Hodgkin Huxley theory is a classic ("the" classic) paper in Computational Neuroscience. It is a combination of circuit theory: the neuron and axon are viewed as an equivalent circuit based on the Nernst batteries supplied by the ions sodium, potassium, and a "leak" channel. The key idea is that the sodium and potassium conductances are dynamically dependent on membrane potential. Hence they are "voltage controlled" conductances in circuit terms. By appropriately modelling this dependence on membrane voltage, Hodgkin and Huxley were able to get a good fit to the action potential in the giant squid axon. Later work over the following half century extended this model with additional, more exotic examples of voltage controlled channels.

One key idea in this work is the use of kinetic theory. I have made some outline notes to explain the slightly non-standard use the HH made of first order kinetics. A clear understanding of this will make the rest of the theory go by very easily. I have put a pointer to my notes on this (which are on the class wiki on the page USEFULLINK/HODGKIN-HUXLEY.

A second aspect of HH theory is the Cable Equation, which they derived to describe the propagation of an action potential down the axon. I will go over several derivations of the cable equation in class. The first is the one provided by HH in their original paper: this is a "continuum" model which provides a leaky diffusion equation to model action propagation and is usually called "the leaky cable equation". A circuit theory model of this equation is the basis of compartmental modelling, and we will discuss this discrete, lumped circuit model both in the conventional "loop-node" analysis of elementary circuit theory and also in the more elegant (and easy to program) version of modified nodal analysis. Passive compartmental models provide a finite element model of a neuron, axon, and dendrites in terms of small cylindrical compartment. Each is characterized by its radius, diameter, position, and values of specific axial, membrane resistances and capacitance. The geometry of the neuron then allows us to compute lumped values of axial and membrane resistance and membrane capacitance. At this point, it is simply a matter of circuit theory (classical or MNA) to solve for the effects of a current pulse on this neuronal structure. Finally, the model can be made "active" by inserting Hodgkin Huxley like voltage controlled conductances (and possibly more exotic and recent forms of conductances). The result is compartmental modeling, as we know it today.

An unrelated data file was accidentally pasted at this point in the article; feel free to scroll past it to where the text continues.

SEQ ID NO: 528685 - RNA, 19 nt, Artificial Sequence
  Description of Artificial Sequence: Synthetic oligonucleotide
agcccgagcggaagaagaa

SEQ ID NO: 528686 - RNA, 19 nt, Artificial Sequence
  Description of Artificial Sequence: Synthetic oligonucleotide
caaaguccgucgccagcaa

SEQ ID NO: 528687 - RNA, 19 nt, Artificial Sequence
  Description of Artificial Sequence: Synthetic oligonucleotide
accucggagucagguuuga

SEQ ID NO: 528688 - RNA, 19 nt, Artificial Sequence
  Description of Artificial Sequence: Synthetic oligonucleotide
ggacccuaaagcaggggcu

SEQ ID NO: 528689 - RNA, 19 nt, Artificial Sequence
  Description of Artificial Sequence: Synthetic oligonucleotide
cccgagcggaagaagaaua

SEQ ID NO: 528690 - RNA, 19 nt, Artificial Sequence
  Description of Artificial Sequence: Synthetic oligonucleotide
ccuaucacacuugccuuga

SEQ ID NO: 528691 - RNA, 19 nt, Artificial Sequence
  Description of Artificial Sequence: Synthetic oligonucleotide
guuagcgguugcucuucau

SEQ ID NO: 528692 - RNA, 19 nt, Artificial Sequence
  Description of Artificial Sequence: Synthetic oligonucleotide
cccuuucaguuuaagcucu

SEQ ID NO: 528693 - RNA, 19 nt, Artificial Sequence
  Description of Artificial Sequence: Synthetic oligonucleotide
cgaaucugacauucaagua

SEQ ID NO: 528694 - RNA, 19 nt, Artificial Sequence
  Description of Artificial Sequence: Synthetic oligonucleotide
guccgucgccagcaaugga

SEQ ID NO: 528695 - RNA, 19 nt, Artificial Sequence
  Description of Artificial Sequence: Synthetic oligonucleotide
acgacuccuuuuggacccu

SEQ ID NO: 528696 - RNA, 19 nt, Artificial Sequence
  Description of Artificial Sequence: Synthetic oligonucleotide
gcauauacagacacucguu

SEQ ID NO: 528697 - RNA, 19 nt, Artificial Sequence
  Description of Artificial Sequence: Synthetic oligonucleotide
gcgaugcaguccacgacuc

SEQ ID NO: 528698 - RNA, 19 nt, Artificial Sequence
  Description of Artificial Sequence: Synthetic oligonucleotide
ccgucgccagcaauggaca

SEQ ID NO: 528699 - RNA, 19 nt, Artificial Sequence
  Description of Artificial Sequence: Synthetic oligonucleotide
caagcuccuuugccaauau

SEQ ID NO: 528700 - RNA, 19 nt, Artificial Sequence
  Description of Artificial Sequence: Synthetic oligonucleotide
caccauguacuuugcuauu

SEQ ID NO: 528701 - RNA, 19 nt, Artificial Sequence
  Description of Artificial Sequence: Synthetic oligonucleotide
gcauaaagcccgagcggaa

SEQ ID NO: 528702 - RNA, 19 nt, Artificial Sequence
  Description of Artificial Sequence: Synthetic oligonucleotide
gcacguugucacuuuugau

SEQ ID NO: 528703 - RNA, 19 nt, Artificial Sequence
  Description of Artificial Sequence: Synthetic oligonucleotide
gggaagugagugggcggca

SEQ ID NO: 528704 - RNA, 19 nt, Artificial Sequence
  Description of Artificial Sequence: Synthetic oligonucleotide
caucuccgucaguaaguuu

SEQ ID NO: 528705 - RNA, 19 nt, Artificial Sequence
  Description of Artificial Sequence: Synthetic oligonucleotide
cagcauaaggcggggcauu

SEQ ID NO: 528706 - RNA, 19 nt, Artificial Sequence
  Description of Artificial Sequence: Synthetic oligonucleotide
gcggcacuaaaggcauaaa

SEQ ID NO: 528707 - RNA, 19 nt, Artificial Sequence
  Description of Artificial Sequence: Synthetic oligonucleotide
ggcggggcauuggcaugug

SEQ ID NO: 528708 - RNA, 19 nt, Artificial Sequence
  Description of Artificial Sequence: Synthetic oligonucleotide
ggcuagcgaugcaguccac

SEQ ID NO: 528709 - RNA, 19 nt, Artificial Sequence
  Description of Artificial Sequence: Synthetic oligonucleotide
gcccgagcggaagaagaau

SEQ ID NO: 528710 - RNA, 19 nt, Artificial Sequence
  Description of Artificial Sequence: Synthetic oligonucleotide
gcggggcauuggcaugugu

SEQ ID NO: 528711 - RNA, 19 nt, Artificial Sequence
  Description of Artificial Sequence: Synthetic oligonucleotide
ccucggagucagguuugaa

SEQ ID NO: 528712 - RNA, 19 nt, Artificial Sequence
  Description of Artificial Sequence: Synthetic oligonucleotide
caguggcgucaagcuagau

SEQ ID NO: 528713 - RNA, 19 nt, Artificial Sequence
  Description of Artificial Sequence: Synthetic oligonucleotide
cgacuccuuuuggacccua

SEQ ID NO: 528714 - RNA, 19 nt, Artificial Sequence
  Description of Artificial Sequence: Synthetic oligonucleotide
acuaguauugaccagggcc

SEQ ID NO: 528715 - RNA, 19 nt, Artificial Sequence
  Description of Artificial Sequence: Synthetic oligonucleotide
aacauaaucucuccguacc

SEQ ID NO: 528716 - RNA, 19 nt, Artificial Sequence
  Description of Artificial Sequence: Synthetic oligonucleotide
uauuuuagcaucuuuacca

## Assigned Readings

Review of Chemical Kinetics as it is used in Hodgkin Huxley Theory

Overview of HH Theory nelson2004electrophysiological_models.pdf

Original Hodgkin Huxley paper HH_perspective.pdf and Original paper

Chapter 5 of the "Book of Genesis" and also see notes and summary I've prepared on Chapter 5, especially a table of the units used in compartmental modeling

Simplified HH models: Fitzhugh-Nagumo itzi_fitzhugh_nagumo.pdf

## Optional Readings

http://www.nature.com/nature/focus/voltagesensing/index.html Recent Nature special interest page on recent work on the biophysics of

voltage gated channels

Beyond Hodgkin and Huxley and the Zoo of Ion Channels: http://neuronaldynamics.epfl.ch/online/Ch2.S3.html

Good discussion of HH system in the context of supplied MATLAB CODE from URL. Note that the URL has a link to download matlab code. I will supply a modified version, which would be better to use, but the original code can be referenced, especially if there are version skew issues (wrt to the MATLAB your are using) and the operating system (WIN,MAC) that you are using.

# Lecture 7: Linear and Quadratic Integrate and Fire-Dynamical Systems

## Required Readings

# Lecture 8: Single Neuron Simulators

## Required Readings

## Optional Readings

## Extra Readings

GPL'd Book of Genesis(Internet Edition):iBoGpdf.tar.gz

# Lecture 9: Supraneuronal structures--maps and columns

## Required Readings

## Optional Readings